In summary, in our study angiostatin exhibited an antiproliferative effect on BRCE cells and had no notable effect on RPE cells. Angiostatin combined with Lu-Tex/PDT potentiated cytotoxicity in BRCE cells. Lu-Tex/PDT induced rapid caspase-dependent apoptosis in BRCE and RPE cells. Furthermore, Lu-Tex/PDT induced apoptosis through the selective and differential modulation of members of the Bcl-2 family in BRCE and RPE cells. 
 
Figure 1.
 
BRCE and RPE cell survival after Lu-Tex/PDT ± angiostatin. In vitro survival of (a) BRCE cells and (b) RPE cells on exposure to Lu-Tex/PDT in the presence of angiostatin. Cells were plated and exposed to angiostatin 18 hours before Lu-Tex/PDT. A 1-week proliferation assay was used to determine the surviving fraction. Data represent the mean of triplicate experiments ± SD.
Figure 1.
 
BRCE and RPE cell survival after Lu-Tex/PDT ± angiostatin. In vitro survival of (a) BRCE cells and (b) RPE cells on exposure to Lu-Tex/PDT in the presence of angiostatin. Cells were plated and exposed to angiostatin 18 hours before Lu-Tex/PDT. A 1-week proliferation assay was used to determine the surviving fraction. Data represent the mean of triplicate experiments ± SD.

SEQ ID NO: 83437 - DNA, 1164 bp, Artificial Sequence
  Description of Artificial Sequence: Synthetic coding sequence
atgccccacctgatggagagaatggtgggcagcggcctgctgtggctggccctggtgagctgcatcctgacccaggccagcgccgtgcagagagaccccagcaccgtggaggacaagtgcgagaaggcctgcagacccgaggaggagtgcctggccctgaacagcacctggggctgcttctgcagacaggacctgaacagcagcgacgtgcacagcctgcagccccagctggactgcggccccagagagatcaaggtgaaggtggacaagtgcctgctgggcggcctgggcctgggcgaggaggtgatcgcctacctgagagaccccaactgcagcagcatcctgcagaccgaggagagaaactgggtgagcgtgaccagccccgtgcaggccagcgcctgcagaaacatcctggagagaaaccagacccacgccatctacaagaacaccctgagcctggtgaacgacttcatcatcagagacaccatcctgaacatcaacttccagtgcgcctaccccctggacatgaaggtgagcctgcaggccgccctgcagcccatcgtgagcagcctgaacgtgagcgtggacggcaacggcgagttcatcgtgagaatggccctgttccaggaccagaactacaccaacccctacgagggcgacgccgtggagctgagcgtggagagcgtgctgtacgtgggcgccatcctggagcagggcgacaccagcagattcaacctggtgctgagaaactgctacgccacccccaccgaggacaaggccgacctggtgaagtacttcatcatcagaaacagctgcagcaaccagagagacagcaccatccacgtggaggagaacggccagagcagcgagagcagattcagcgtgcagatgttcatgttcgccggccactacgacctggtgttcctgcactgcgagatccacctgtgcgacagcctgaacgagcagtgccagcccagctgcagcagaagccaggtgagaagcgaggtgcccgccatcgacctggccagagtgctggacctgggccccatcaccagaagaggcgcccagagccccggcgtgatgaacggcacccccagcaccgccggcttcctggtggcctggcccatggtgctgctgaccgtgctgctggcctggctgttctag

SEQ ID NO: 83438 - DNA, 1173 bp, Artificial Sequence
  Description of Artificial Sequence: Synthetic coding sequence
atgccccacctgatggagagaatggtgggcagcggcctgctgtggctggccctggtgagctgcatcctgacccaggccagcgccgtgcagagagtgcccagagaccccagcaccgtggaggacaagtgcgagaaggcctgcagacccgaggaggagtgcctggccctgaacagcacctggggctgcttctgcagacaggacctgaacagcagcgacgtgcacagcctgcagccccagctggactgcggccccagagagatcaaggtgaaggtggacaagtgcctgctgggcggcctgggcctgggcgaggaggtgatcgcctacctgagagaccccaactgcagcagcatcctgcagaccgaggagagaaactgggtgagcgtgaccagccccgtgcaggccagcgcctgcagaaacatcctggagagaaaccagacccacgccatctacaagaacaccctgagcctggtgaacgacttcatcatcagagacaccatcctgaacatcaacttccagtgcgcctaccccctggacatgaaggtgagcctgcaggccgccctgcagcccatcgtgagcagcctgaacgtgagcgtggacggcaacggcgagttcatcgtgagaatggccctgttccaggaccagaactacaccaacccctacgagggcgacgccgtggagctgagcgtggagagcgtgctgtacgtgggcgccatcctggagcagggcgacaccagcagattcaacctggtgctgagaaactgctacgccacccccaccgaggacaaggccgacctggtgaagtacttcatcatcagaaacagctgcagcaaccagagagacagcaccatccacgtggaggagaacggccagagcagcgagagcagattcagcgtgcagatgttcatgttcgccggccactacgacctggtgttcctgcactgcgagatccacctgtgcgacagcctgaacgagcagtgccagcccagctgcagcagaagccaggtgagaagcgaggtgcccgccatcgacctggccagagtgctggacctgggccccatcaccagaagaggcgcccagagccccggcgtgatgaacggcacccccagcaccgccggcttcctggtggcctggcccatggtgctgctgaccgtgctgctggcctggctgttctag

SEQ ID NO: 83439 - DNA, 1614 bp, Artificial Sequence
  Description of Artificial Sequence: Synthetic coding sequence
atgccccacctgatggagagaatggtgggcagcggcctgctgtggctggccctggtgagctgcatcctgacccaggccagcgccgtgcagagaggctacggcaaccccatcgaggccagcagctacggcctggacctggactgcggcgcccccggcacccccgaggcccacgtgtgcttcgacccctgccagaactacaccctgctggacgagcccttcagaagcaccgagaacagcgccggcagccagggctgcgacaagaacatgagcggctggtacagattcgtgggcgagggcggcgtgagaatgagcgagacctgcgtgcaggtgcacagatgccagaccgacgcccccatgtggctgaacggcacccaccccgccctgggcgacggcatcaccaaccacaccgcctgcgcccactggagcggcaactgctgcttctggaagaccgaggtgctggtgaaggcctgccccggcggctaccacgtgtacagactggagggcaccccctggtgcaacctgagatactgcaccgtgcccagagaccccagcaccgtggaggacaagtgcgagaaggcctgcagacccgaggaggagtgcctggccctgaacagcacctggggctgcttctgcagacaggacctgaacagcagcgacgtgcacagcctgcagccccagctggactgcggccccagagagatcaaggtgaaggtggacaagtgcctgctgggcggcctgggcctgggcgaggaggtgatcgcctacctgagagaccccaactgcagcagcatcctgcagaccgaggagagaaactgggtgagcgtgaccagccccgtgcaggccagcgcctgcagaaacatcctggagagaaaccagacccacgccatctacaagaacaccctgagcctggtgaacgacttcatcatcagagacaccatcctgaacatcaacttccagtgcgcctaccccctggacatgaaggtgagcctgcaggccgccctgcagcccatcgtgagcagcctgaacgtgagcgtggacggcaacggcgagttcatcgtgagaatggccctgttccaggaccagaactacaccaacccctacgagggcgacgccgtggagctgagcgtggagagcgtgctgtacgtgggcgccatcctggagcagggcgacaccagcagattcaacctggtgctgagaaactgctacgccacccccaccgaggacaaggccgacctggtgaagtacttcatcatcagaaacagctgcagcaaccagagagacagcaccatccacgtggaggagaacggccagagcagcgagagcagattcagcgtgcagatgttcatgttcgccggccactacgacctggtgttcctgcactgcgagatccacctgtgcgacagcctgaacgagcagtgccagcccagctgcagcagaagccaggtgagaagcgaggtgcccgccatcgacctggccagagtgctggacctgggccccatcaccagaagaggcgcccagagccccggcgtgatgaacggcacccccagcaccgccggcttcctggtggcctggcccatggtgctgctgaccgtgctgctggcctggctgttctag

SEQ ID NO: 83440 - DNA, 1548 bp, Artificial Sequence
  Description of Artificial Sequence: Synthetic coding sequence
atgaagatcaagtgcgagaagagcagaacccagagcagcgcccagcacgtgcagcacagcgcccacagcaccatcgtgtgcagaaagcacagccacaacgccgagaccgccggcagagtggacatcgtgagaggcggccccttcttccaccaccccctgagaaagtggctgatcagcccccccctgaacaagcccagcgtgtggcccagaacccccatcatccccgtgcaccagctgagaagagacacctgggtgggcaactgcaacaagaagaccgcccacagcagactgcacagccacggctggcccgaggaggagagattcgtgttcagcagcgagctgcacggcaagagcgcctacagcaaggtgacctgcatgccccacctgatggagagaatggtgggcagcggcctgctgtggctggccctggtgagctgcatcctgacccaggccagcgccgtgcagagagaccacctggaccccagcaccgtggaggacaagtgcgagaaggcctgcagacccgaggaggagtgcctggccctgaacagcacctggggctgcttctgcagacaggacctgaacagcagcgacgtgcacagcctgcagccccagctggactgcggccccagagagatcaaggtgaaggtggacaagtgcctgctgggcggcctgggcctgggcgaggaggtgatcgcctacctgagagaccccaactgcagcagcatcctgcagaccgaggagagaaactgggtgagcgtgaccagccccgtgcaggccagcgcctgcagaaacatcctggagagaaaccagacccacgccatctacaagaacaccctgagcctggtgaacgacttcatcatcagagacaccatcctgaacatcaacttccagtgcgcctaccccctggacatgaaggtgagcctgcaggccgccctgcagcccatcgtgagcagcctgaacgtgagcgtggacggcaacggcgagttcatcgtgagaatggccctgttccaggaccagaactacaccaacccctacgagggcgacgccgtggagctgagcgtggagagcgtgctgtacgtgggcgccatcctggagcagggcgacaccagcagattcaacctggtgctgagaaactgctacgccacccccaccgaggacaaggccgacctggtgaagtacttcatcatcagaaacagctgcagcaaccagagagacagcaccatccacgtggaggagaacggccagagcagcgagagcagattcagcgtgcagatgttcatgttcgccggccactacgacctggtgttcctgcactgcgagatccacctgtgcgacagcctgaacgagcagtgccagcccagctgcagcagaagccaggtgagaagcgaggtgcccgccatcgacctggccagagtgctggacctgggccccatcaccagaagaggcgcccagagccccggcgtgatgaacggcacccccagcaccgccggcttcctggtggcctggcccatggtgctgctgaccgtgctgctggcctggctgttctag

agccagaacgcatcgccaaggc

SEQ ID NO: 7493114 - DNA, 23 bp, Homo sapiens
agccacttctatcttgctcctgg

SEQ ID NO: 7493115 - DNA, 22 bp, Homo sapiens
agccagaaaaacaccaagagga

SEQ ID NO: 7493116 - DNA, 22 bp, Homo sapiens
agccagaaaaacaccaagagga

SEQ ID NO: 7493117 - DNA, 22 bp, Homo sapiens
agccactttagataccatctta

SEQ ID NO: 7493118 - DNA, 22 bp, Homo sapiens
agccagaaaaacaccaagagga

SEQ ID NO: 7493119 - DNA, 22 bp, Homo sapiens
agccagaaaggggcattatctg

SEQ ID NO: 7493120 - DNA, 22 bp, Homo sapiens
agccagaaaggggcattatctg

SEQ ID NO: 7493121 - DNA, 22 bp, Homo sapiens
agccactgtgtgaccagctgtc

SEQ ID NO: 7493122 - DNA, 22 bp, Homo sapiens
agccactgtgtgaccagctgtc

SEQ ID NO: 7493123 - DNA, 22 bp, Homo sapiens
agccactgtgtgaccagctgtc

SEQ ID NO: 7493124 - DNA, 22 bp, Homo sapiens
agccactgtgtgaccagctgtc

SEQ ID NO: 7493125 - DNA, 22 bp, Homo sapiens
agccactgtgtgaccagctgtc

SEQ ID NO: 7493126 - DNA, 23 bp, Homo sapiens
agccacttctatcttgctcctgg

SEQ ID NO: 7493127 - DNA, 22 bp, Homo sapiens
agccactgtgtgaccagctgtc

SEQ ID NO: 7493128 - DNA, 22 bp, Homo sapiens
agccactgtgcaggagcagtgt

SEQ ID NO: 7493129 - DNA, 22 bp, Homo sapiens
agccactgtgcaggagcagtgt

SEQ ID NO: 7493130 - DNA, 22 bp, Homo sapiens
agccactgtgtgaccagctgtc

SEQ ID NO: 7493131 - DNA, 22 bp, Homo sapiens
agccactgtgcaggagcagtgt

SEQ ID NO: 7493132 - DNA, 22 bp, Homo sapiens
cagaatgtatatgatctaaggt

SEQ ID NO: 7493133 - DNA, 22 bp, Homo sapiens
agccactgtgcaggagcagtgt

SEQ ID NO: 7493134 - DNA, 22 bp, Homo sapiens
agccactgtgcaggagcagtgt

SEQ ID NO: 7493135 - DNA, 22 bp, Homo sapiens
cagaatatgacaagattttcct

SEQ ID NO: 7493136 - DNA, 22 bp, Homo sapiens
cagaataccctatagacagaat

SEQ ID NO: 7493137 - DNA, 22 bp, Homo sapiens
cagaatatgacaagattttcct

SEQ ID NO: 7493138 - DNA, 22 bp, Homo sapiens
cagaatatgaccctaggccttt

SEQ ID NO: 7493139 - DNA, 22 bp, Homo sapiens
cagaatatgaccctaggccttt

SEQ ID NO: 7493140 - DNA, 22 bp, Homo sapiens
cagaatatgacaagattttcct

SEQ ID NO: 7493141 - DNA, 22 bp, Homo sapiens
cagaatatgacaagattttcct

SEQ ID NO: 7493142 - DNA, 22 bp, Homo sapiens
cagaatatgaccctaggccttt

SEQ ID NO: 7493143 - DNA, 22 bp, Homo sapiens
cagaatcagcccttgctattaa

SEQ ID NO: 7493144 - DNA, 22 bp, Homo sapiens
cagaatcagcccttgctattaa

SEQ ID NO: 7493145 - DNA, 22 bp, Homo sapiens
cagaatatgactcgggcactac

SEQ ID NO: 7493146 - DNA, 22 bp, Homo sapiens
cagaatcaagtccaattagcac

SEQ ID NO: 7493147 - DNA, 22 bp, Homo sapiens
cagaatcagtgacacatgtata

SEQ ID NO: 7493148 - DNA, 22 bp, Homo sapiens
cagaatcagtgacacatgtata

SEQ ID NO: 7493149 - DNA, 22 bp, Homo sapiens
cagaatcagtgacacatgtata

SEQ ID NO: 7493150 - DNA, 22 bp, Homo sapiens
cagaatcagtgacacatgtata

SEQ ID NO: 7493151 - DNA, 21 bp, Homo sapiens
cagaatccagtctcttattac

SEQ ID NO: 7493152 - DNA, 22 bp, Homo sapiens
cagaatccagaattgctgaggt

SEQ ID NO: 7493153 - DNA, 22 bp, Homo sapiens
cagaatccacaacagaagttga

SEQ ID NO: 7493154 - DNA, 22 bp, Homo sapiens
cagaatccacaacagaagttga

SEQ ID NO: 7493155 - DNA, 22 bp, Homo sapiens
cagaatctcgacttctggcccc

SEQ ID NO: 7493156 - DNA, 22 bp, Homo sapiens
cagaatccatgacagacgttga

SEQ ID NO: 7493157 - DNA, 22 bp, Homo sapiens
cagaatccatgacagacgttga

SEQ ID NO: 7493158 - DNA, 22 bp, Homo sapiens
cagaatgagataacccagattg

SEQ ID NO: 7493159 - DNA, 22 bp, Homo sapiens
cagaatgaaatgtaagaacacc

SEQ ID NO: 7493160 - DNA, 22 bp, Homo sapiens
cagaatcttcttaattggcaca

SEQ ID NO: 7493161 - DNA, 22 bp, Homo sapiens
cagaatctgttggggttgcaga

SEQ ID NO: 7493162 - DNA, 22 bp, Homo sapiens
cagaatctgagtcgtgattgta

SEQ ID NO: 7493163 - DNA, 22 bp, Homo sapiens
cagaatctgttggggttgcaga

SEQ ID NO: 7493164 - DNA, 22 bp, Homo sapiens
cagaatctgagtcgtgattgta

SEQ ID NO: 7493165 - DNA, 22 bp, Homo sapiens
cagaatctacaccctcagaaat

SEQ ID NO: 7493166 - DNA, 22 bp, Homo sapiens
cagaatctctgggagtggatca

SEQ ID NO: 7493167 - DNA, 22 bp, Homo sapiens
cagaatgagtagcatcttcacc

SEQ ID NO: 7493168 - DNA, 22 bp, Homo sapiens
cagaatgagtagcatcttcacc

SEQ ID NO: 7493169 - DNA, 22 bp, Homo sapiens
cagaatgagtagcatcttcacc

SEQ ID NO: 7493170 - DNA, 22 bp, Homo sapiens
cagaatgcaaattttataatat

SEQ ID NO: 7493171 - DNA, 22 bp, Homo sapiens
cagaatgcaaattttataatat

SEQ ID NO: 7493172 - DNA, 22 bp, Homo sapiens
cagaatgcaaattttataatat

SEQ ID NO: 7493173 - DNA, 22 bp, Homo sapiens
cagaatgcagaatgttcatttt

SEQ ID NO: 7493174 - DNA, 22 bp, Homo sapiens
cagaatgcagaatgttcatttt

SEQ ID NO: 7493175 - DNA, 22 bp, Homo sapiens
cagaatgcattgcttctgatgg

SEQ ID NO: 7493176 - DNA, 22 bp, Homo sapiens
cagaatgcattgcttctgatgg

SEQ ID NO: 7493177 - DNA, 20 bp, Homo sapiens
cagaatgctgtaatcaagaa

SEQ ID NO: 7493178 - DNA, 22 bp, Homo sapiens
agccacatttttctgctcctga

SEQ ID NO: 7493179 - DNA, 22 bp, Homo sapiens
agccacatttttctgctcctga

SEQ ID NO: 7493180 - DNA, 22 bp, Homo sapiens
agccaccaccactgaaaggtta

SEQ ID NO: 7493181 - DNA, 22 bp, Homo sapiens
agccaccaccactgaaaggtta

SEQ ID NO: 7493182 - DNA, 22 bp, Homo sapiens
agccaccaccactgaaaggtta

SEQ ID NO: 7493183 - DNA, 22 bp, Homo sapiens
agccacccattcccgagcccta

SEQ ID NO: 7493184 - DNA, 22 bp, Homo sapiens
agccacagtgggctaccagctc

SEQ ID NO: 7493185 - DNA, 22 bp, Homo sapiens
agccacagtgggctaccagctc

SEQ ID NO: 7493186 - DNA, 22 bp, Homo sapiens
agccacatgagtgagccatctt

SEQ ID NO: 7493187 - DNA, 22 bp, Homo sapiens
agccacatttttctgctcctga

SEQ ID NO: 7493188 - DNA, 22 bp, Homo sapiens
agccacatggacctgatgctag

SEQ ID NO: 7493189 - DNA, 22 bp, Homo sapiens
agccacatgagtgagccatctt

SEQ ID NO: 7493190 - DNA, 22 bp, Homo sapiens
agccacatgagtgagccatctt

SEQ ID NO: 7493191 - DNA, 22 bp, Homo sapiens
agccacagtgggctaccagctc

Table 1.
 
Summary of Cellular Survival (%) as a Function of Treatment
Table 1.
 
Summary of Cellular Survival (%) as a Function of Treatment
Cell Line Lu-Tex/PDT* Angiostatin Angiostatin Followed by Lu-Tex/PDT Lu-Tex/PDT Followed by Angiostatin
;l>BRCE 79.13 ± 4.05 (5) 87.39 ± 5.76 55.22 ± 3.65 77.61 ± 3.52
53.17 ± 0.32 (10) 38.11 ± 2.50 67.16 ± 3.20
33.34 ± 2.26 (20) 0.90 ± 0.32 32.97 ± 2.20
RPE 94.55 ± 1.60 (5) 99.09 ± 0.8 91.84 ± 7.97
59.59 ± 3.56 (10) 56.84 ± 6.61
53.47 ± 3.18 (20) 45.83 ± 5.51
Figure 2.
 
BRCE and RPE cell morphology after treatment with angiostatin + Lu-Tex/PDT (20 J/cm2). Micrographs are of representative fields from a 1-week proliferation assay of BRCE and RPE cells after treatment. BRCE cells treated with angiostatin only (a), Lu-Tex/PDT only (b), and angiostatin + Lu-Tex/PDT (c). RPE cells treated with angiostatin only (d), Lu-Tex/PDT only (e), and angiostatin + Lu-Tex/PDT (f). Magnification, ×16.
Figure 2.
 
BRCE and RPE cell morphology after treatment with angiostatin + Lu-Tex/PDT (20 J/cm2). Micrographs are of representative fields from a 1-week proliferation assay of BRCE and RPE cells after treatment. BRCE cells treated with angiostatin only (a), Lu-Tex/PDT only (b), and angiostatin + Lu-Tex/PDT (c). RPE cells treated with angiostatin only (d), Lu-Tex/PDT only (e), and angiostatin + Lu-Tex/PDT (f). Magnification, ×16.
Figure 3.